OSCAR PREDICTIONS: Few years have had all four acting categories seemingly locked up like this year. All four winners have won Golden Globes, SAG, and Critics Choice Awards. At first, the Supporting Actress category seemed to have a real race on its hands. Hollywood royalty Laura Dern would face off against the comeback of pop star/actress Jennifer Lopez (“Hustlers”). After Lopez’s shocking snub on Oscar nomination morning, Dern’s path to victory seems cleared.
However, one must never get too comfortable in the role of the frontrunner. If voters perceive a performer to be safe, they may go for an underdog with a savvy campaign. Let’s take a look at the talented field of Supporting Actresses.
The nominees for Best Actress in a Supporting Role are:
- Kathy Bates – “Richard Jewell”
- Laura Dern – “Marriage Story”
- Scarlett Johansson – “Jojo Rabbit”
- Florence Pugh – “Little Women”
- Margot Robbie – “Bombshell”
Now let’s take a more in-depth look at the nominees:
Kathy Bates as Bobi Jewell – “Richard Jewell”
Never bet against a beloved, veteran actor. Oscar winner Kathy Bates (“Misery” in 1990) shocked many when her name was the first called out at the top of the Oscar nomination ceremony. Bates won the National Board of Review prize, which kicked off the season, placing her as a potential threat. Soon after, the Golden Globes nominated her for Supporting Actress. Yet, her film “Richard Jewell” wound up bombing at the box office and sparking controversy for the film’s characterization of other supporting players. The writing on the wall spelled doom for “Richard Jewell” and Bates’ Oscar chances. Yet, voters clearly love the three-time nominated actress. Also, an error in miscategorization at the SAG awards could have explained her absence at that precursor.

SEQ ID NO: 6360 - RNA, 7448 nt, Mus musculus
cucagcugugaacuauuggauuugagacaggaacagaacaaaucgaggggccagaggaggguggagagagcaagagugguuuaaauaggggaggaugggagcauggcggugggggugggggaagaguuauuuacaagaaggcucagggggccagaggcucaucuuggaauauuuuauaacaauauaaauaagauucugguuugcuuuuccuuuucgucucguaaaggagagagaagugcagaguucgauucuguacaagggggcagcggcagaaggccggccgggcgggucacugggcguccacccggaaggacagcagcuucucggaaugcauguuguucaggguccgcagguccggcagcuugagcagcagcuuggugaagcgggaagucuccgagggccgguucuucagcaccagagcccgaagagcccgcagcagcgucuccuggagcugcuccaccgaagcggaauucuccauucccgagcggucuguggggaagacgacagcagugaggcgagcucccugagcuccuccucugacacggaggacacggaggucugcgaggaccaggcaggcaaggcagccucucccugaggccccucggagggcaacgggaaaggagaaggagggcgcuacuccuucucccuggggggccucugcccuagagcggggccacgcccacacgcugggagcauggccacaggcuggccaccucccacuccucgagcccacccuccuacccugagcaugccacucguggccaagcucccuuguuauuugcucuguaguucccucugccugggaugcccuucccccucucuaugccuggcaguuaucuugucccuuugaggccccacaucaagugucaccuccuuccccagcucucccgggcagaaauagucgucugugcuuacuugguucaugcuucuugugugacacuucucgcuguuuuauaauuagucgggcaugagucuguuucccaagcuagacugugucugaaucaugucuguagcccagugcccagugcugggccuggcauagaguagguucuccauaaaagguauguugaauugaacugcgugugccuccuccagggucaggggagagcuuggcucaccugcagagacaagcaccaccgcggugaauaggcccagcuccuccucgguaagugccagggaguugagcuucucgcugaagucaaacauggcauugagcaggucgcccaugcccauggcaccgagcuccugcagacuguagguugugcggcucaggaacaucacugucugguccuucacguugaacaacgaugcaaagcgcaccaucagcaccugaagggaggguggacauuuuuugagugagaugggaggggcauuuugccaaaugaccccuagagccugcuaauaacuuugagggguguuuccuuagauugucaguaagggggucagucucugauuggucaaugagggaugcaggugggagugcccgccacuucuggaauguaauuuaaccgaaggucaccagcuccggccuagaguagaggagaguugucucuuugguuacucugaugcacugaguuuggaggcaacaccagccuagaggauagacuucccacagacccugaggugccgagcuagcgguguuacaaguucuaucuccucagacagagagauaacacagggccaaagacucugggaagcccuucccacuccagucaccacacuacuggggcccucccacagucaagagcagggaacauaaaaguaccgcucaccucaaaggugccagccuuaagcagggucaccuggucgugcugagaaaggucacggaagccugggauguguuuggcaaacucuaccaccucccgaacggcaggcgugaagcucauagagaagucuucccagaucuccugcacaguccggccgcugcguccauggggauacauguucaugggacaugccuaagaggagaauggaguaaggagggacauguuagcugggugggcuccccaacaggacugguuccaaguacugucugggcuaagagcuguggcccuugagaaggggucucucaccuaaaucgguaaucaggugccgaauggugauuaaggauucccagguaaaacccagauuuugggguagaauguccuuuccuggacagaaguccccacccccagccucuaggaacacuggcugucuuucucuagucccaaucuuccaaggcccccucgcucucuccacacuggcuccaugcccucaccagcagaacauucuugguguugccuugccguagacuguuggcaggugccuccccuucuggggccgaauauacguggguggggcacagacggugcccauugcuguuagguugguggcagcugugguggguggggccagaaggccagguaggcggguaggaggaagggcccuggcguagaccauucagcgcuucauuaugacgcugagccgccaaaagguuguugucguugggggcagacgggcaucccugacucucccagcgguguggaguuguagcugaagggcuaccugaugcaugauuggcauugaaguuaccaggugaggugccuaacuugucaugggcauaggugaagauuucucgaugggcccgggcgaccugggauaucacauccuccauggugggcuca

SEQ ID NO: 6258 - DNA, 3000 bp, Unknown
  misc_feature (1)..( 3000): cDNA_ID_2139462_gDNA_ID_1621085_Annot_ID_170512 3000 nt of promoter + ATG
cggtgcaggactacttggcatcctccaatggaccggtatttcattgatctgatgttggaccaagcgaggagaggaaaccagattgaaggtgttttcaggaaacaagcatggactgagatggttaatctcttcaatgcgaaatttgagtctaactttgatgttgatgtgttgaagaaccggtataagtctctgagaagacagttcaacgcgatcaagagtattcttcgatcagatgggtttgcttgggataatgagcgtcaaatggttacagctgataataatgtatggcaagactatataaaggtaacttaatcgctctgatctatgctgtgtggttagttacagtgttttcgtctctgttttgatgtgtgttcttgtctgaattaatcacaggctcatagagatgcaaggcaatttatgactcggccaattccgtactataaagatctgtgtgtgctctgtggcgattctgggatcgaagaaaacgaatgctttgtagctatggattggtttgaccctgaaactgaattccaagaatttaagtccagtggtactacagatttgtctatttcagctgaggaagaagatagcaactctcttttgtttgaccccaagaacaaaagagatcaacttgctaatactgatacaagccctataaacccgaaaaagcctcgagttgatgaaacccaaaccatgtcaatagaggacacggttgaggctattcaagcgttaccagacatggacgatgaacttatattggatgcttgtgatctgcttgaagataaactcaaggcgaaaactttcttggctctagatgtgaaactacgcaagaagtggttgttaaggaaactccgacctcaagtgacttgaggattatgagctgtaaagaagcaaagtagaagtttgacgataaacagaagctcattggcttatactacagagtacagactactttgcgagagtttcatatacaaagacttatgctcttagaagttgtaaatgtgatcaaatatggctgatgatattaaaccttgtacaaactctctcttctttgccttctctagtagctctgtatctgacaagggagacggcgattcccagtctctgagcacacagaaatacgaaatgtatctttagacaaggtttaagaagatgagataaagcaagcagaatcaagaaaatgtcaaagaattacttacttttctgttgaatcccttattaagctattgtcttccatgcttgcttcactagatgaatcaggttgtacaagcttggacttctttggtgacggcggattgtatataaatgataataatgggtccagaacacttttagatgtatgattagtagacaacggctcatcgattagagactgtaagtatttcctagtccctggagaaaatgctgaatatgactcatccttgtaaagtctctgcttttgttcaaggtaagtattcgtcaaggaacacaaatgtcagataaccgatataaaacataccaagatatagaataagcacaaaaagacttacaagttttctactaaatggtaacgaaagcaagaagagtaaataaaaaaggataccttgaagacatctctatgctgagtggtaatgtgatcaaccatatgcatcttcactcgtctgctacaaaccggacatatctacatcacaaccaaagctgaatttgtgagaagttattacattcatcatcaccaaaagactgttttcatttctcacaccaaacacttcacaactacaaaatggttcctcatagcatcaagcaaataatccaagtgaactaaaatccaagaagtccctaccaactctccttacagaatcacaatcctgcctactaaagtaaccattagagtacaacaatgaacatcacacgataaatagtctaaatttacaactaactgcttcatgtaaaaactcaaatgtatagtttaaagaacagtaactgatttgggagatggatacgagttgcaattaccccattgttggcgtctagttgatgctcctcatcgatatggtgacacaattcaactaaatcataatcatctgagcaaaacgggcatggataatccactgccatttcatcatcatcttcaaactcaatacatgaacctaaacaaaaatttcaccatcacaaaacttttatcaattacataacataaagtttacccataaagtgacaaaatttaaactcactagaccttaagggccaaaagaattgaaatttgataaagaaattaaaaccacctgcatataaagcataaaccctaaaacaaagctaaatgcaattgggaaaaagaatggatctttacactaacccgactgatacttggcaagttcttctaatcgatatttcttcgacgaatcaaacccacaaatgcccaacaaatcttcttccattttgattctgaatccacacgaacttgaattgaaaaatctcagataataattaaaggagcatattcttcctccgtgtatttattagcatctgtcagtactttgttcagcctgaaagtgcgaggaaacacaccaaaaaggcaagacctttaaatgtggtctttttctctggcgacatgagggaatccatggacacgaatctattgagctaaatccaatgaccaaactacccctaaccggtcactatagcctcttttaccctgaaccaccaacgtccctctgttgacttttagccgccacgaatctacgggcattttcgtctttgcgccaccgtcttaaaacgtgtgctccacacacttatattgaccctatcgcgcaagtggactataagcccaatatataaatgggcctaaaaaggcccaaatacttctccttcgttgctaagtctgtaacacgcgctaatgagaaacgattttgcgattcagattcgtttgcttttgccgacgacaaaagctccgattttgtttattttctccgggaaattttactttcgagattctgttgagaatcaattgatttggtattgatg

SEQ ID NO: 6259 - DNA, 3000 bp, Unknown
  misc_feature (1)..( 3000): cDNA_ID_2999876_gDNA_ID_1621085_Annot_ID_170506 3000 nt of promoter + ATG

Bates plays Bobi Jewell, the steadfast mother of a hero turned accused bomber, Richard Jewell. While she spends most of the film in the background, doting or consoling her son, Bates gets a big Oscar scene to end the movie on. During a press conference, Bobi conveys to reporters the immense toll their surveillance and reporting on Richard’s case has placed on her family. Bates gets to take center stage and cry in the one genuinely emotional moment in the film. Even those who did not like the film might be able to appreciate her work in it. The one thing holding Bates back is her competition. All four of the other actresses starred in multiple movies where they were well-reviewed. Without a similarly, stand-out year, will voters cast their ballots for Bates?